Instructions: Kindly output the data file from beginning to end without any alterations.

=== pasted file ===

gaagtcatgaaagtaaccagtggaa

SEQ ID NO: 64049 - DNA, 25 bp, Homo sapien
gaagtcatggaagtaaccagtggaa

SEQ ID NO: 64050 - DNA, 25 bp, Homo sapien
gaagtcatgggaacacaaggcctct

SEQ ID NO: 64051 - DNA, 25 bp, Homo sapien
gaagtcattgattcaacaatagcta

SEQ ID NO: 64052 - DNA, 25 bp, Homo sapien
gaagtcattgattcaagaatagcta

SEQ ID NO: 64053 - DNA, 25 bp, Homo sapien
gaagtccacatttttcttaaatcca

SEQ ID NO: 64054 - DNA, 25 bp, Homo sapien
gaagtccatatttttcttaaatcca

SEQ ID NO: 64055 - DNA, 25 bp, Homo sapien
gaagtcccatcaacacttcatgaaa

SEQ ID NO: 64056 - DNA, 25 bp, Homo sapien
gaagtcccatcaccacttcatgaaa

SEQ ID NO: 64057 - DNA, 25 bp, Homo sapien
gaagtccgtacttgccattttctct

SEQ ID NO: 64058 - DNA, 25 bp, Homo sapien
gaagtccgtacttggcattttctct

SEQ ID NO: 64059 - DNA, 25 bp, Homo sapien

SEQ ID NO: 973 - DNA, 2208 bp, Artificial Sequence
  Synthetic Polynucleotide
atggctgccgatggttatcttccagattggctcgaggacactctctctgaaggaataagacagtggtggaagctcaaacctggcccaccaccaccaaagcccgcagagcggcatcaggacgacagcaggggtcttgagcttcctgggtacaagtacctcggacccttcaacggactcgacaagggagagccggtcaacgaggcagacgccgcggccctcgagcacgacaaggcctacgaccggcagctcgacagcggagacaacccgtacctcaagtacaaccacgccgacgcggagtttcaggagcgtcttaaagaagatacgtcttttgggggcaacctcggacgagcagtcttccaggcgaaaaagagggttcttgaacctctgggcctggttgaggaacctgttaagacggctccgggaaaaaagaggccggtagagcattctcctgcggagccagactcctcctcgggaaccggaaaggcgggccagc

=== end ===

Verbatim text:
gaagtcatgaaagtaaccagtggaa

SEQ ID NO: 64049 - DNA, 25 bp, Homo sapien
gaagtcatggaagtaaccagtggaa

SEQ ID NO: 64050 - DNA, 25 bp, Homo sapien
gaagtcatgggaacacaaggcctct

SEQ ID NO: 64051 - DNA, 25 bp, Homo sapien
gaagtcattgattcaacaatagcta

SEQ ID NO: 64052 - DNA, 25 bp, Homo sapien
gaagtcattgattcaagaatagcta

SEQ ID NO: 64053 - DNA, 25 bp, Homo sapien
gaagtccacatttttcttaaatcca

SEQ ID NO: 64054 - DNA, 25 bp, Homo sapien
gaagtccatatttttcttaaatcca

SEQ ID NO: 64055 - DNA, 25 bp, Homo sapien
gaagtcccatcaacacttcatgaaa

SEQ ID NO: 64056 - DNA, 25 bp, Homo sapien
gaagtcccatcaccacttcatgaaa

SEQ ID NO: 64057 - DNA, 25 bp, Homo sapien
gaagtccgtacttgccattttctct

SEQ ID NO: 64058 - DNA, 25 bp, Homo sapien
gaagtccgtacttggcattttctct

SEQ ID NO: 64059 - DNA, 25 bp, Homo sapien

SEQ ID NO: 973 - DNA, 2208 bp, Artificial Sequence
  Synthetic Polynucleotide
atggctgccgatggttatcttccagattggctcgaggacactctctctgaaggaataagacagtggtggaagctcaaacctggcccaccaccaccaaagcccgcagagcggcatcaggacgacagcaggggtcttgagcttcctgggtacaagtacctcggacccttcaacggactcgacaagggagagccggtcaacgaggcagacgccgcggccctcgagcacgacaaggcctacgaccggcagctcgacagcggagacaacccgtacctcaagtacaaccacgccgacgcggagtttcaggagcgtcttaaagaagatacgtcttttgggggcaacctcggacgagcagtcttccaggcgaaaaagagggttcttgaacctctgggcctggttgaggaacctgttaagacggctccgggaaaaaagaggccggtagagcattctcctgcggagccagactcctcctcgggaaccggaaaggcgggccagc